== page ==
A Gutierrez ‘Good Turn’

Hospitality requires more than a cheery smile. Even the signs matter, when it comes to welcoming a stranger. That was my church’s problem. To the 100-year-old sanctuary (at the corner of Nassau and Vandeventer) we added a two-story education wing (accessible from the Park Place lot). It can be daunting to get from the parking lot to the pew – or to any of the other rooms used by a myriad of community groups.

A chance encounter at a Princeton Regional Chamber of Commerce event helped us find a solution. As part of the Midsummer Madness event in Palmer Squarewe had a Princeton United Methodist Church table. (It was fun!) At the end of the day, we chanced upon  Raul Gutierrez, who helped us carry our exhibits to the car.  
We got to talking about signs with Raul and his wife Claire. They had recently left the ‘big ad company’ scene to open their own shop, and Raul just happens to be a big-time wayfinding expert. Wayfinding is the technical term for ‘making signs,’ and he had recently redone the signs for the Philadelphia Airport. 
(Raul is the subject of an article in U.S. 1 Newspaper this week because he co-chairs the Plainsboro Business Partnership. As part of the Princeton Regional Chamber, the PBP is staging a free (to those attending) summer event (like the Palmer Square one) but in Plainsboro’s Fountain Park(Market Square). It’s Tuesday, June 12, 5 to 8 p.m.)

So at the Palmer Square event — Raul graciously volunteered his expertise with our ‘wayfinding dilemma.’ True to his word, he and Claire showed up with a clipboard ready to go. We began at the Park Placeentrance and worked our way through every nook and cranny while they took reams of notes. The result: a professional ‘wayfinding’ plan, showing where to put each sign and what it should say.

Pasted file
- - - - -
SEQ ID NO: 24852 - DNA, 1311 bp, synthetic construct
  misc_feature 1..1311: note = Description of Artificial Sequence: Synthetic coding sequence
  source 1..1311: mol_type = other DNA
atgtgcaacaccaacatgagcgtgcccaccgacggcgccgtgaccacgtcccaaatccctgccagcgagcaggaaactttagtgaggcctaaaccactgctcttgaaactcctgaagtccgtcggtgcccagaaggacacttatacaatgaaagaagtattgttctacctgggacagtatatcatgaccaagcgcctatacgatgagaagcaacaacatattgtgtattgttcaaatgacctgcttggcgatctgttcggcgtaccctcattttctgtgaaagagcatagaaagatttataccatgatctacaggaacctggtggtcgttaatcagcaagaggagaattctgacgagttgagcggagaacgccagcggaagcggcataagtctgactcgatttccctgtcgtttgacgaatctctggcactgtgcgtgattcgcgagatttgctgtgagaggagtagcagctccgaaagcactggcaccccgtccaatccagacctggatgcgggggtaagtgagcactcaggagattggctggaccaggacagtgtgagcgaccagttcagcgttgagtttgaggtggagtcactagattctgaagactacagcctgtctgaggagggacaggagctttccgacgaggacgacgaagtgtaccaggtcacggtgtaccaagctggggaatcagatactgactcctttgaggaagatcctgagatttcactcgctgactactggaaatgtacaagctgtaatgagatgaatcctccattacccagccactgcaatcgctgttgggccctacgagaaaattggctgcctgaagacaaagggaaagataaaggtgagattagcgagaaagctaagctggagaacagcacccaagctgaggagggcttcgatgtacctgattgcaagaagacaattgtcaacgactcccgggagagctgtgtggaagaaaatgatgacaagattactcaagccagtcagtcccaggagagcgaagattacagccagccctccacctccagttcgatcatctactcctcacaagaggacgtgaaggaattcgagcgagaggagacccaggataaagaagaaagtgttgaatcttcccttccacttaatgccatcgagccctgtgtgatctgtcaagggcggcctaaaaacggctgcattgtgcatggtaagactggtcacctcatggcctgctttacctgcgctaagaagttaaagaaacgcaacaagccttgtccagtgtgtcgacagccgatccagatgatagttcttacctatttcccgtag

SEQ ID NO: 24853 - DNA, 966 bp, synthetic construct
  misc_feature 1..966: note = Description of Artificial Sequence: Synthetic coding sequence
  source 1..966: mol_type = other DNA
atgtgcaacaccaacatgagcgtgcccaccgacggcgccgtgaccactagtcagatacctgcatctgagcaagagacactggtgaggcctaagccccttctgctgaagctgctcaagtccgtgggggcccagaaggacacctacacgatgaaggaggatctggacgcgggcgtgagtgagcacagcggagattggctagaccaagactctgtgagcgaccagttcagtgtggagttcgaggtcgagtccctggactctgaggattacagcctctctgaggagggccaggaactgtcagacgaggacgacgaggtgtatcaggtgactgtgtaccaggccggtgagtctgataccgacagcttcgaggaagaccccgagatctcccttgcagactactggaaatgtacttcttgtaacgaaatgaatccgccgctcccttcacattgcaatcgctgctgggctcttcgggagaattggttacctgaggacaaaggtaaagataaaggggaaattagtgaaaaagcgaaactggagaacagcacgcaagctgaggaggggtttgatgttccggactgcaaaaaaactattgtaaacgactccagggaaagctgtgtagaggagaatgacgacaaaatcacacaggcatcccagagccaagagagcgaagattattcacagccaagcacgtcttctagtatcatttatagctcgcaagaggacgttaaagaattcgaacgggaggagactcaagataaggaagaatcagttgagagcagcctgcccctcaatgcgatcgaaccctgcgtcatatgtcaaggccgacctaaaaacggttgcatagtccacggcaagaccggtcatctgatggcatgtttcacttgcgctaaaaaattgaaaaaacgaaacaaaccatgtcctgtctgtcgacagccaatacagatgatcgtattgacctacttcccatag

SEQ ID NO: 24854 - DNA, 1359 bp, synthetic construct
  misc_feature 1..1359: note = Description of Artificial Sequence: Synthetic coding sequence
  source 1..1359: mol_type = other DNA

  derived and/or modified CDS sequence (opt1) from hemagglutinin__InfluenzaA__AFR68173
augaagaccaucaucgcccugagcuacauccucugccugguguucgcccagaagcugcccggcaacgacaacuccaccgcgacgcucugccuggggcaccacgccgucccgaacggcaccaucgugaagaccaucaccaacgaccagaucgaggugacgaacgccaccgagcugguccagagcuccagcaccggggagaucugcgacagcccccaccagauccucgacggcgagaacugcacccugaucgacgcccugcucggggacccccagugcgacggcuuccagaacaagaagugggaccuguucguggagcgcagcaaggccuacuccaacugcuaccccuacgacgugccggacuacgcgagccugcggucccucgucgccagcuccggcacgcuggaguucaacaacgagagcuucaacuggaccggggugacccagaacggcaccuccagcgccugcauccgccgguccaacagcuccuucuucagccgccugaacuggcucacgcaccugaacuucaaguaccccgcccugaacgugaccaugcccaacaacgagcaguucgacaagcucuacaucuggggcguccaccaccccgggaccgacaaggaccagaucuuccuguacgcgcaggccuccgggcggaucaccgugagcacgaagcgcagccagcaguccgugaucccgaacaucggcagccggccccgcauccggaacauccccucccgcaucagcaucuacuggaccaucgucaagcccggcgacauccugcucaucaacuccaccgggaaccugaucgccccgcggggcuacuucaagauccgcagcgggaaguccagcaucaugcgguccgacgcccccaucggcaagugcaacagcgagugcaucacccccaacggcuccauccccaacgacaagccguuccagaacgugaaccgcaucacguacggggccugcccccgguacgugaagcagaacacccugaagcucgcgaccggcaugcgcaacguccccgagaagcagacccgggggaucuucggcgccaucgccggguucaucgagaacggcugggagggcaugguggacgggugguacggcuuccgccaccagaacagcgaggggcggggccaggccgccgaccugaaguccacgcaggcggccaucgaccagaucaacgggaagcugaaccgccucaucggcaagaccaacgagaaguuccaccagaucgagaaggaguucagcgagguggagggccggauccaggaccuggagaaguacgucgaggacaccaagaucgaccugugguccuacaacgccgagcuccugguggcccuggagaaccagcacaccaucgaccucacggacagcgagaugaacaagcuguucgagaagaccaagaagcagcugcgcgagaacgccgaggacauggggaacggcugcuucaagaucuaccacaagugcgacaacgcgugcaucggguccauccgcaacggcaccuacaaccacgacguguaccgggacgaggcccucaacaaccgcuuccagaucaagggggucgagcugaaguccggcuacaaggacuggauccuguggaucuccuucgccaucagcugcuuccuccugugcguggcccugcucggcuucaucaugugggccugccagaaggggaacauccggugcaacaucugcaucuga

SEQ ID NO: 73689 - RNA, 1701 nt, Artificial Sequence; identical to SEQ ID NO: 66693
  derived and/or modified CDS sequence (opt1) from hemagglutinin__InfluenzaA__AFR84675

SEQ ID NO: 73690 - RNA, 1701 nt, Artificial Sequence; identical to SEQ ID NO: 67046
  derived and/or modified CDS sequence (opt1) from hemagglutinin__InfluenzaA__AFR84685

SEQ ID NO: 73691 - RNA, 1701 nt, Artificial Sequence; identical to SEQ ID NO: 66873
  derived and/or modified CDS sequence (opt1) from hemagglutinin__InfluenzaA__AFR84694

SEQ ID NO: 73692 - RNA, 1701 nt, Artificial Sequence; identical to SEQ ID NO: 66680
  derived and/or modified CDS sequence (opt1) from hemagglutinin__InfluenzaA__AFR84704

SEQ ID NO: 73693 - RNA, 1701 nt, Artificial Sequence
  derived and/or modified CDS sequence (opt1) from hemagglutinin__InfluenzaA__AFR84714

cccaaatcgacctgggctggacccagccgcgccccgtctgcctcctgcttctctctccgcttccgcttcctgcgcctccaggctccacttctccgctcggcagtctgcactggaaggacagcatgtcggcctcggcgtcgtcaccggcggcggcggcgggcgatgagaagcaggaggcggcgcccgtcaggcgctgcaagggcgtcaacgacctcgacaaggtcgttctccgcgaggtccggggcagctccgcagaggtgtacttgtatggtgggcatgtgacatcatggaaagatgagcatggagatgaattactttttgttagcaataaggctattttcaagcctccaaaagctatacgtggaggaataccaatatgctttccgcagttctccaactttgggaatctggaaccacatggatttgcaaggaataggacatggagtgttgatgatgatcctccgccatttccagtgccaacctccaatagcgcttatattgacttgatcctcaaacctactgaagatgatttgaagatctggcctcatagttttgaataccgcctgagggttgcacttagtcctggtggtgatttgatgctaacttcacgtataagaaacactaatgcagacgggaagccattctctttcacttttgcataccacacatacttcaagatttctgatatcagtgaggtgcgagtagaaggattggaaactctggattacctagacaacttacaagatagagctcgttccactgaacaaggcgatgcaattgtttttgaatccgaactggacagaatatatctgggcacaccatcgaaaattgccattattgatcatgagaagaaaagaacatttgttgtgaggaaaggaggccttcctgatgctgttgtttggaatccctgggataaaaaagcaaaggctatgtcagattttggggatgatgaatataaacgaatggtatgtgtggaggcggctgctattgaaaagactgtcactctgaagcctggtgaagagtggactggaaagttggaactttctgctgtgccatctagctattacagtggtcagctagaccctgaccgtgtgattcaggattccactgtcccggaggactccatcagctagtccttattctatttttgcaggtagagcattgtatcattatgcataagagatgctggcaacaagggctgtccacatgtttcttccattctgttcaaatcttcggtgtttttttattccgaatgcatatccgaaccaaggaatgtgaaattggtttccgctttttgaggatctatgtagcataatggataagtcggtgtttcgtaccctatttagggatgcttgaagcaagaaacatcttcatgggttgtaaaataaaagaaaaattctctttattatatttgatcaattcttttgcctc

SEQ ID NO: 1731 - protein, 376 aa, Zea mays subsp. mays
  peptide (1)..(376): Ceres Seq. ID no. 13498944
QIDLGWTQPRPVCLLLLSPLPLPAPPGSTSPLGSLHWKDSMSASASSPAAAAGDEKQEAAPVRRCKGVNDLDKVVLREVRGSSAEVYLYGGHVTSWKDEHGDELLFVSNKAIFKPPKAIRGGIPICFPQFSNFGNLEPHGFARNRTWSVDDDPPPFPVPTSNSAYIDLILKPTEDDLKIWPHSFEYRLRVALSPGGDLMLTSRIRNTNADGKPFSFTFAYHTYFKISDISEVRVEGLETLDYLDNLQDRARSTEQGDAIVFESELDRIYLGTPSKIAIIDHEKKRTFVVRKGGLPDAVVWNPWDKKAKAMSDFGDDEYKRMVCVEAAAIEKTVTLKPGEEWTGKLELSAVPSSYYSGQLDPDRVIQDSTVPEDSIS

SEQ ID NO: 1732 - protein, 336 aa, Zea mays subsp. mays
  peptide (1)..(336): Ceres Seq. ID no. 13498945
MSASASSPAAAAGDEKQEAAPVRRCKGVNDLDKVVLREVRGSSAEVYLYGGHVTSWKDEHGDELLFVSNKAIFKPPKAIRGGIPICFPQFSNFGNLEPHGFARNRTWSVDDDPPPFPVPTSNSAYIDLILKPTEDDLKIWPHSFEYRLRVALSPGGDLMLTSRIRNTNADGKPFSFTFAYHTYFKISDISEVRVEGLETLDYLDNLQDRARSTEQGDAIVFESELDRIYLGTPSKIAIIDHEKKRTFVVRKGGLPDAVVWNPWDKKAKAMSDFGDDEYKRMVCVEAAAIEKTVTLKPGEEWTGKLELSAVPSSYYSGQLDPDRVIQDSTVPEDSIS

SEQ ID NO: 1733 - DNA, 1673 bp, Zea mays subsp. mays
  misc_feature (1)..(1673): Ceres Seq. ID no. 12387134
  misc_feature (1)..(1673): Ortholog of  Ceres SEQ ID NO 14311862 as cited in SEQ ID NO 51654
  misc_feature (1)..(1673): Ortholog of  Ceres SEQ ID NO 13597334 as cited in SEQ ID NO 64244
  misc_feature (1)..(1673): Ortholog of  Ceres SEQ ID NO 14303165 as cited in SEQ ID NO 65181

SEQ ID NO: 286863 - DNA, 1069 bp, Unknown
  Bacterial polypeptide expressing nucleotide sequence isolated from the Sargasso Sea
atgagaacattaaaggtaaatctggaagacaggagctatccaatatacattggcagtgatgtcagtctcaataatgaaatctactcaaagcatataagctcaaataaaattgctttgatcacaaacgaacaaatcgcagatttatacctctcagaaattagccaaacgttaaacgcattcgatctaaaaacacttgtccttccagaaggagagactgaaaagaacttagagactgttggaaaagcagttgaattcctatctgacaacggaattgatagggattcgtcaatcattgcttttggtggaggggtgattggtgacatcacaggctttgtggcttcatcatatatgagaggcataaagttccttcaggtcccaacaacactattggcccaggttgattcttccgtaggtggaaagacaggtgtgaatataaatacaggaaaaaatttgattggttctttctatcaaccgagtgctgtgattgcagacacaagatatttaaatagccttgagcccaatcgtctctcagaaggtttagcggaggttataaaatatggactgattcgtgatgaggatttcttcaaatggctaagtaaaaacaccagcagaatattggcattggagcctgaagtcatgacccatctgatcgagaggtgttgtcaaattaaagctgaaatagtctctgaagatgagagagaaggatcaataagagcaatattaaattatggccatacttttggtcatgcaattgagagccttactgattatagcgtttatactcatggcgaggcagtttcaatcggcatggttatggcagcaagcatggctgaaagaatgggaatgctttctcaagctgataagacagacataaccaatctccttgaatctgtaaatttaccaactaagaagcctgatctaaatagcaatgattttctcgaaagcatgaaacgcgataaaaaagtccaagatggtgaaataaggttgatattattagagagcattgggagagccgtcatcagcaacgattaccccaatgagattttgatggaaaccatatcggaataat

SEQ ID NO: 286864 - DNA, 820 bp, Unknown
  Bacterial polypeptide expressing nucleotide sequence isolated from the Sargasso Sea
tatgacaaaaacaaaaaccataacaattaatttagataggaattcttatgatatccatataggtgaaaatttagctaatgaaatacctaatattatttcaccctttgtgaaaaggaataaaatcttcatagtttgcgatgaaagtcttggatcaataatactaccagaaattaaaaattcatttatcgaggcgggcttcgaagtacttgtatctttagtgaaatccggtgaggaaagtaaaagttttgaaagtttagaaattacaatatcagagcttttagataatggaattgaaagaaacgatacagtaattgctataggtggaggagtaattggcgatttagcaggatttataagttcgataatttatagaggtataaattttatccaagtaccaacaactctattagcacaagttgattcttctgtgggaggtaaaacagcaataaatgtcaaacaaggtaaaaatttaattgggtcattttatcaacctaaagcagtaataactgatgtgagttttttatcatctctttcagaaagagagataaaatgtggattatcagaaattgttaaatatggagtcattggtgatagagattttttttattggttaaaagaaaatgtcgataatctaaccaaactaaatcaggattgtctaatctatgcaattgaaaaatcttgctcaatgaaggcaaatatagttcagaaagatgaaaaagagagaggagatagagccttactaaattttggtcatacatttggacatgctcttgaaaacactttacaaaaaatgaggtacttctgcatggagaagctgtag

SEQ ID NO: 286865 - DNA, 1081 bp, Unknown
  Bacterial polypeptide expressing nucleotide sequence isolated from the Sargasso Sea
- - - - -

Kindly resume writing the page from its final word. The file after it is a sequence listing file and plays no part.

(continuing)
(In the photo on left Raul takes a picture to show where a sign should be posted for one of two wheelchair entrances.)

The Gutierrez’s pro bono efforts have made a huge difference in our ability to offer hospitality. To complete the plan, we need to commission and get permanent signs. The signs are only temporary. But, at least, the arrows now go to the right places. Thank you, Raul and Claire! This was a good example of one chamber member helping another.
P.S. The newest sign at PUMC is on the front lawn — a big banner for the Princeton Cornerstone Community Kitchen, a weekly-on-Wednesdays meal from 5 to 6:30 p.m., free to the community in an effort to build community. We’re partnering with TASK (also a chamber member) for this and had a great turnout for the first meal yesterday. Help us spread the word!

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